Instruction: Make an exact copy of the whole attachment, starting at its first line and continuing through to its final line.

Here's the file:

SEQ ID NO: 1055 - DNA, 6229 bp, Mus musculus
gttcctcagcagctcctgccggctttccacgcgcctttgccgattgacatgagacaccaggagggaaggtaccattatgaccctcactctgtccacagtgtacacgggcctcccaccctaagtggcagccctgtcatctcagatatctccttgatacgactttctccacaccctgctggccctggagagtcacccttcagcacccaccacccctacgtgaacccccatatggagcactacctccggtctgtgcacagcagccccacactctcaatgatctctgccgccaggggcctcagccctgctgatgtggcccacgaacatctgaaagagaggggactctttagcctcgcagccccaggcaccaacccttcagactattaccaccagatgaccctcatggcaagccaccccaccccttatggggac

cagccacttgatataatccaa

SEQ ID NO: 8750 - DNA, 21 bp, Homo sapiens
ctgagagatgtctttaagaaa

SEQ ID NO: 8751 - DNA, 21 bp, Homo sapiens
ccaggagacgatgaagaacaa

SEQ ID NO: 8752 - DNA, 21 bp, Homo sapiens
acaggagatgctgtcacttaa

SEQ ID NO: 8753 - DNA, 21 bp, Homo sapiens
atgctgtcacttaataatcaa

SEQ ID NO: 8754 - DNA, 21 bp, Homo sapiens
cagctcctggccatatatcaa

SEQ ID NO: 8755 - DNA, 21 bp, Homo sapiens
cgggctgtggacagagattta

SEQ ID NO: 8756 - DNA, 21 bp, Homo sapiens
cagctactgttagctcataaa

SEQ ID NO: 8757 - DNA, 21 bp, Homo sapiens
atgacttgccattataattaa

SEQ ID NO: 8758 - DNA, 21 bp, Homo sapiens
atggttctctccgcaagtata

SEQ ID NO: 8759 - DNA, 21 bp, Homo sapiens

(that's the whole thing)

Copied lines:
SEQ ID NO: 1055 - DNA, 6229 bp, Mus musculus
gttcctcagcagctcctgccggctttccacgcgcctttgccgattgacatgagacaccaggagggaaggtaccattatgaccctcactctgtccacagtgtacacgggcctcccaccctaagtggcagccctgtcatctcagatatctccttgatacgactttctccacaccctgctggccctggagagtcacccttcagcacccaccacccctacgtgaacccccatatggagcactacctccggtctgtgcacagcagccccacactctcaatgatctctgccgccaggggcctcagccctgctgatgtggcccacgaacatctgaaagagaggggactctttagcctcgcagccccaggcaccaacccttcagactattaccaccagatgaccctcatggcaagccaccccaccccttatggggac

cagccacttgatataatccaa

SEQ ID NO: 8750 - DNA, 21 bp, Homo sapiens
ctgagagatgtctttaagaaa

SEQ ID NO: 8751 - DNA, 21 bp, Homo sapiens
ccaggagacgatgaagaacaa

SEQ ID NO: 8752 - DNA, 21 bp, Homo sapiens
acaggagatgctgtcacttaa

SEQ ID NO: 8753 - DNA, 21 bp, Homo sapiens
atgctgtcacttaataatcaa

SEQ ID NO: 8754 - DNA, 21 bp, Homo sapiens
cagctcctggccatatatcaa

SEQ ID NO: 8755 - DNA, 21 bp, Homo sapiens
cgggctgtggacagagattta

SEQ ID NO: 8756 - DNA, 21 bp, Homo sapiens
cagctactgttagctcataaa

SEQ ID NO: 8757 - DNA, 21 bp, Homo sapiens
atgacttgccattataattaa

SEQ ID NO: 8758 - DNA, 21 bp, Homo sapiens
atggttctctccgcaagtata

SEQ ID NO: 8759 - DNA, 21 bp, Homo sapiens